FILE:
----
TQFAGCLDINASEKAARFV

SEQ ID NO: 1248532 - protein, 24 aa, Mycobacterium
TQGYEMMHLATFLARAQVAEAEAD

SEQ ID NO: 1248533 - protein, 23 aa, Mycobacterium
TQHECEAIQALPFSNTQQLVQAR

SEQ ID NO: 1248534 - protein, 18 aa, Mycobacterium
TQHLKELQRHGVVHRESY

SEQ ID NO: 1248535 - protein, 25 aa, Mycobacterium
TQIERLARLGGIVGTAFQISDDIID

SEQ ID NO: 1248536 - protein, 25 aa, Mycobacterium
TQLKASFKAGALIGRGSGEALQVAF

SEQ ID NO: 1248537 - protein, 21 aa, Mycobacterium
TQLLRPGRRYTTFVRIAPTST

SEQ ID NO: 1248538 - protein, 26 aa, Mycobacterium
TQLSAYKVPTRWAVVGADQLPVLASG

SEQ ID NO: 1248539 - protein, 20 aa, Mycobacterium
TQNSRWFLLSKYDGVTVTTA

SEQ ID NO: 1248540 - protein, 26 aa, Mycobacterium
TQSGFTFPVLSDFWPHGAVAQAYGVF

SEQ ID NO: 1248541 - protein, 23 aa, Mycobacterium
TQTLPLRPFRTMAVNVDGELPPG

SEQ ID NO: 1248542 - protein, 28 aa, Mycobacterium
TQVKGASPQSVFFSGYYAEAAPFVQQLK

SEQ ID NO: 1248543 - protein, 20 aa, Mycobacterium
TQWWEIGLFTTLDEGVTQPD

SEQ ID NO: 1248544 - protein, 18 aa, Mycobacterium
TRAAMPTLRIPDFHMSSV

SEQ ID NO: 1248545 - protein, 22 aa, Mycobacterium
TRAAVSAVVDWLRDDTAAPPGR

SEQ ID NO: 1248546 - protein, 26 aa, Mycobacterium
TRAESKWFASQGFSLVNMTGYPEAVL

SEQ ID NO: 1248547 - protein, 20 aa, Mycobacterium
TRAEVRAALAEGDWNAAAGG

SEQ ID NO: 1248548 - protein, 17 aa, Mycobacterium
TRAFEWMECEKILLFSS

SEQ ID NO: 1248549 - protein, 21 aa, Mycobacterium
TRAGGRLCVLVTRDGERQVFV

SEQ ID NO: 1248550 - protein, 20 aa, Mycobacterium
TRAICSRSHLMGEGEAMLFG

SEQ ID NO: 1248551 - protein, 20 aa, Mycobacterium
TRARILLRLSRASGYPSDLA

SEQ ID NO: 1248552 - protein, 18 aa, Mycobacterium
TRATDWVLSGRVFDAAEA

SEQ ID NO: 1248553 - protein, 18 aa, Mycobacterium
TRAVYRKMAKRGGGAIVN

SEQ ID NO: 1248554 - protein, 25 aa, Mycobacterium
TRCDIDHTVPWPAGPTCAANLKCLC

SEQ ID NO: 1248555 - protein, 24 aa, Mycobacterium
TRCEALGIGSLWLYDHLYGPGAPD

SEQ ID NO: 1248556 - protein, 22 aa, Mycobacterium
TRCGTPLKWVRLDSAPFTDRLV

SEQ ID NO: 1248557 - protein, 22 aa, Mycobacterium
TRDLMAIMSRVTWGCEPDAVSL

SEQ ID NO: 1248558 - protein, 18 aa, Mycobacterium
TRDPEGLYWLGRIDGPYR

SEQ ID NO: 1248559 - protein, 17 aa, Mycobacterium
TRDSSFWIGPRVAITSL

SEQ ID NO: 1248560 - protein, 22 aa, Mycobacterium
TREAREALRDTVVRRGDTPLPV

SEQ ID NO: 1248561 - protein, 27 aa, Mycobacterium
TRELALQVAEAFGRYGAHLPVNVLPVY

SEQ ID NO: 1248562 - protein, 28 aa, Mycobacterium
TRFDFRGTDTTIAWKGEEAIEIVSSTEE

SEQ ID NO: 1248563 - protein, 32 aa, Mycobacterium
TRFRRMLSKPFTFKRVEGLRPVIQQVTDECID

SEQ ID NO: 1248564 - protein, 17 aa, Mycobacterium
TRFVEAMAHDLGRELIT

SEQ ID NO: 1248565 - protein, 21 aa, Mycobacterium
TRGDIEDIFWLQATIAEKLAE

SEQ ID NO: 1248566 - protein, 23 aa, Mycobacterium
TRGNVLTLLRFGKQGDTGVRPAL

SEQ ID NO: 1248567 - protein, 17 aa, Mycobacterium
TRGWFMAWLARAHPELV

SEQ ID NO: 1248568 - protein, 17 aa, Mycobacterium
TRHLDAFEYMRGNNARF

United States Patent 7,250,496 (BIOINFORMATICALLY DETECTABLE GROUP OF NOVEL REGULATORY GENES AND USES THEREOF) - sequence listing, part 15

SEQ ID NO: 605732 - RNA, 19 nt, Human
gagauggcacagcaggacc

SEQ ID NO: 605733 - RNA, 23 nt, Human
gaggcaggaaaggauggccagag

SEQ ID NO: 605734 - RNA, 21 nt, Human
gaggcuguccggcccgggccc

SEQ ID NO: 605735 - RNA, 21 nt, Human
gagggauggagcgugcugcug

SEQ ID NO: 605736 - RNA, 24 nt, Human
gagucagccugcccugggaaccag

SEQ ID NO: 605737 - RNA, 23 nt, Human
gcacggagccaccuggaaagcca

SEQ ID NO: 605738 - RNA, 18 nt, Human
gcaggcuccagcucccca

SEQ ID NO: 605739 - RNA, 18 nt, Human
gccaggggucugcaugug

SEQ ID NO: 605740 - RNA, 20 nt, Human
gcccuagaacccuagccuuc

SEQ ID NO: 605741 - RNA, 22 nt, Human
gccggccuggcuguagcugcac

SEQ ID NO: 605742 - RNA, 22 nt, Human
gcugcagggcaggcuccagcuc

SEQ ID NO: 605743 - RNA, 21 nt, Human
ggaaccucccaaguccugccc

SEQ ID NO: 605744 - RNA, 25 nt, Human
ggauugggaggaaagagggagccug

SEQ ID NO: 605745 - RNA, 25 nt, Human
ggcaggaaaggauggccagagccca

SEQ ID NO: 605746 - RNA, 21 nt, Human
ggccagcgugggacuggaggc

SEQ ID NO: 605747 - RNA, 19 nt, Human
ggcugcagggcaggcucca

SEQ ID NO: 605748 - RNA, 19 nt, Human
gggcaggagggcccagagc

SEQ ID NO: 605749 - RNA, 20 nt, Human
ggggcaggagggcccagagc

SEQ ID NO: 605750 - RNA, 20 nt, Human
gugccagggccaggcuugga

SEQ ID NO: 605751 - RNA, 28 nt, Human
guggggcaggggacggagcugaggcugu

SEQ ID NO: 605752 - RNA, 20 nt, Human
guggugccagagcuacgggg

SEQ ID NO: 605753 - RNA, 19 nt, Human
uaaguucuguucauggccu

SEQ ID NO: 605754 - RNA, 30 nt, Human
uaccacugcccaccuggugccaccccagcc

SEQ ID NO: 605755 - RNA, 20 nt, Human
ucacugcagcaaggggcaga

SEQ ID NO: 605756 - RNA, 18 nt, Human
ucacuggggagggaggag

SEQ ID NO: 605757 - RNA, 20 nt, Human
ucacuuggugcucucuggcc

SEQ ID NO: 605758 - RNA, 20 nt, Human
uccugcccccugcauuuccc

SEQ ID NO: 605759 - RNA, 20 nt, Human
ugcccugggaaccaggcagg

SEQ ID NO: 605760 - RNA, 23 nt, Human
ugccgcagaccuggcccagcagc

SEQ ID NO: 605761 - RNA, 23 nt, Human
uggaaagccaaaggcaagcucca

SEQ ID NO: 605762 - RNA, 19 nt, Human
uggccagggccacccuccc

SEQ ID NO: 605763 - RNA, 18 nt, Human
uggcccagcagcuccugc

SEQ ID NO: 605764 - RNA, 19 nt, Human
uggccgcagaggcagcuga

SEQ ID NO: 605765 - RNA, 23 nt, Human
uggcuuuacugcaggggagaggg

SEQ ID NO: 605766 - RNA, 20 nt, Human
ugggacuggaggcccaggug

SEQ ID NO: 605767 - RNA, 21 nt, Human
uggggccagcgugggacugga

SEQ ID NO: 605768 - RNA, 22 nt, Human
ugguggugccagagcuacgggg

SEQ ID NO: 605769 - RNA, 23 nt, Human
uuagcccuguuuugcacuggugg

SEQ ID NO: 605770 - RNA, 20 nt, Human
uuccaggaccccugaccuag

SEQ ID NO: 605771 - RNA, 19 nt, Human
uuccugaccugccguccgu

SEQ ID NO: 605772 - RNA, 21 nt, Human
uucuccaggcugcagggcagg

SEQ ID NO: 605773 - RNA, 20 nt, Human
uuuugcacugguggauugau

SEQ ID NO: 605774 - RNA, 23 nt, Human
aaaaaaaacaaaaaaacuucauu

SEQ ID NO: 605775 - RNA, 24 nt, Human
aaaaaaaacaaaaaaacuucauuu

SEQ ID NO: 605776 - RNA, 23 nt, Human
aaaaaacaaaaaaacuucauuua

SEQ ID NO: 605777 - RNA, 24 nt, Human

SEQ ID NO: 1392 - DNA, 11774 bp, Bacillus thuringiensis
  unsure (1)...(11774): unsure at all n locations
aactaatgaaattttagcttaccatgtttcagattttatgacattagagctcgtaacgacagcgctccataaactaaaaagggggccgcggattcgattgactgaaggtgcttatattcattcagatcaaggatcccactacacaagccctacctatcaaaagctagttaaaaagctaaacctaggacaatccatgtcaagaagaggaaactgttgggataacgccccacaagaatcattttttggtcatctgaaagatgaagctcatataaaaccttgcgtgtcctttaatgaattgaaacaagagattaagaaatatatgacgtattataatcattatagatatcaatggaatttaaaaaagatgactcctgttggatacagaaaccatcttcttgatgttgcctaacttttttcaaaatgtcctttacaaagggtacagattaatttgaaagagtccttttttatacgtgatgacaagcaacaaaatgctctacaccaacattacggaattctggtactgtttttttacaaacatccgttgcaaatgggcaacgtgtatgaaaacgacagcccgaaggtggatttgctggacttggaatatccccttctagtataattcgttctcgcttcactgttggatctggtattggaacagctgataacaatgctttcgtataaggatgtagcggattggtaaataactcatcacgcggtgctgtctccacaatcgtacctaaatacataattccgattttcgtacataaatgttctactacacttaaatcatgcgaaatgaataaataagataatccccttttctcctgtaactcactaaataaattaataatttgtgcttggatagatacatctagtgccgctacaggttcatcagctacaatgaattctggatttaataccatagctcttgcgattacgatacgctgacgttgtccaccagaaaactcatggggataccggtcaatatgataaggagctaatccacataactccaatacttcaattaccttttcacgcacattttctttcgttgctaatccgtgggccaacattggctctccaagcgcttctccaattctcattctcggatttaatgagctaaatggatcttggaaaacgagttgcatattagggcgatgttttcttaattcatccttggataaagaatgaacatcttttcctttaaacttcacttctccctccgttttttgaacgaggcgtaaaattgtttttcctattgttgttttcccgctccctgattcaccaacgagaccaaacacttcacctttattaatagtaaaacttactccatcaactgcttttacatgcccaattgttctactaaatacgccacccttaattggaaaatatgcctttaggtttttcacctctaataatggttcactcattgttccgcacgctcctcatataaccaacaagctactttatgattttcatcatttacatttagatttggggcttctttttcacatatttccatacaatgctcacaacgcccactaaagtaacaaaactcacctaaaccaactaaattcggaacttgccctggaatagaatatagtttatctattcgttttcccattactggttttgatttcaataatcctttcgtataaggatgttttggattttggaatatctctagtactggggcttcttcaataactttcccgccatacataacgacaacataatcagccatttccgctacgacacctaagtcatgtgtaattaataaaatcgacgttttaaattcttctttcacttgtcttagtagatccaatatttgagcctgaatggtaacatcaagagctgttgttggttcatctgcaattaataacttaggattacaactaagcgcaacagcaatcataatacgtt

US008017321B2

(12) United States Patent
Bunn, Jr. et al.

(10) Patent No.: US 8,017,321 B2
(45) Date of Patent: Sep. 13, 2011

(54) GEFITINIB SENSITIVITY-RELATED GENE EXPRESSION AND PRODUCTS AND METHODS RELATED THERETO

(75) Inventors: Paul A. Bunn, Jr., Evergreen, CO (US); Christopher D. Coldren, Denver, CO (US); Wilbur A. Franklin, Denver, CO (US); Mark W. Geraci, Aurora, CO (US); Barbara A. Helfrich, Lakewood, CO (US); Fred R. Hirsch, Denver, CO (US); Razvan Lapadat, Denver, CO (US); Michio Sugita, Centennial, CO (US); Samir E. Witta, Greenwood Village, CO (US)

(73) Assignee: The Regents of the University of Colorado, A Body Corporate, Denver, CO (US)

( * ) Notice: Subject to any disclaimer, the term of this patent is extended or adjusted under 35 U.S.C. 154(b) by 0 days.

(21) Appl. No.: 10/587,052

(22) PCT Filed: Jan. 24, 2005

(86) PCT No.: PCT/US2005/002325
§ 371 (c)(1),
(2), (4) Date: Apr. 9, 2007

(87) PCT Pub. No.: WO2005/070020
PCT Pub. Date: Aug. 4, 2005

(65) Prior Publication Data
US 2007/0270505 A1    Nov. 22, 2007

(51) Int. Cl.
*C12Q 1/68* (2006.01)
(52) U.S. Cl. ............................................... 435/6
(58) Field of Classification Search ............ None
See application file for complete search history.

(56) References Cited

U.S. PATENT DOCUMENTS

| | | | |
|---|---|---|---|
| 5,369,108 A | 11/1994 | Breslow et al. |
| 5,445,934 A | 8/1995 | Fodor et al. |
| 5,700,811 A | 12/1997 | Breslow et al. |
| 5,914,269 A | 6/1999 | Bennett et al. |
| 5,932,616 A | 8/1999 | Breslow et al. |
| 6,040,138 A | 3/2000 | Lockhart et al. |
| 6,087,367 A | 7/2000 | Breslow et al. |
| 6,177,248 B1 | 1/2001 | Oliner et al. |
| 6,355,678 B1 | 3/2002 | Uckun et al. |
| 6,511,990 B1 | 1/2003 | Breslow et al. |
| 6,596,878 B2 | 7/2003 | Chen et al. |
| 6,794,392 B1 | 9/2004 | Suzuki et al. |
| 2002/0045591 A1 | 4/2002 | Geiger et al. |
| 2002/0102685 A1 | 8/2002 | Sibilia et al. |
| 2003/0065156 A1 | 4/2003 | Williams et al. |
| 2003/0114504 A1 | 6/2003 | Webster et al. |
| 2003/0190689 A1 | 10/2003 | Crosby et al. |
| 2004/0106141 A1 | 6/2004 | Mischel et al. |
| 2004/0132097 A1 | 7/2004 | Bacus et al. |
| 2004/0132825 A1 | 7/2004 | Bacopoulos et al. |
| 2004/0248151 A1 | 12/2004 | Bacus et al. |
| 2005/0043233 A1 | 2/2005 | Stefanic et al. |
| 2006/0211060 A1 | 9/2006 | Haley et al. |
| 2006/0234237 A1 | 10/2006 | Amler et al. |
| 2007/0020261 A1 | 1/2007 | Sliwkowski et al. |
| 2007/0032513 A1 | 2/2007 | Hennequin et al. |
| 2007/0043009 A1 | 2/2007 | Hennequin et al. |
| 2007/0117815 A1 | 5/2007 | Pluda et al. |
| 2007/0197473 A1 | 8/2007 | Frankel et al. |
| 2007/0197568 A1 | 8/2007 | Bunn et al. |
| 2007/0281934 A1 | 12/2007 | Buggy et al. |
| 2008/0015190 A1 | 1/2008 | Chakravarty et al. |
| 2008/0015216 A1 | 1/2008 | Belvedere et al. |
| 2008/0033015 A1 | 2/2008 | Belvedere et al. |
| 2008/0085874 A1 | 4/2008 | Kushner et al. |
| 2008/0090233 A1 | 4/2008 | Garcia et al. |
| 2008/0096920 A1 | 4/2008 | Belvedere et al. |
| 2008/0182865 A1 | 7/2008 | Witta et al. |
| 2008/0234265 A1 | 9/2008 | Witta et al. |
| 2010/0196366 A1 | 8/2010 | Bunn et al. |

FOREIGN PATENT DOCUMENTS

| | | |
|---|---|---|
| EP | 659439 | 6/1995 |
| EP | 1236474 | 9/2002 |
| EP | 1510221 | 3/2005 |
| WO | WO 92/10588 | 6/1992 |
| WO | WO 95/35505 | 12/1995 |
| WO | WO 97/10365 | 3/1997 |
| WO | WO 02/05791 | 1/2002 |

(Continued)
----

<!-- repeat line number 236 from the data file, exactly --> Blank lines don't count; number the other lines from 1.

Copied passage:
| 2008/0234265 A1 | 9/2008 | Witta et al. |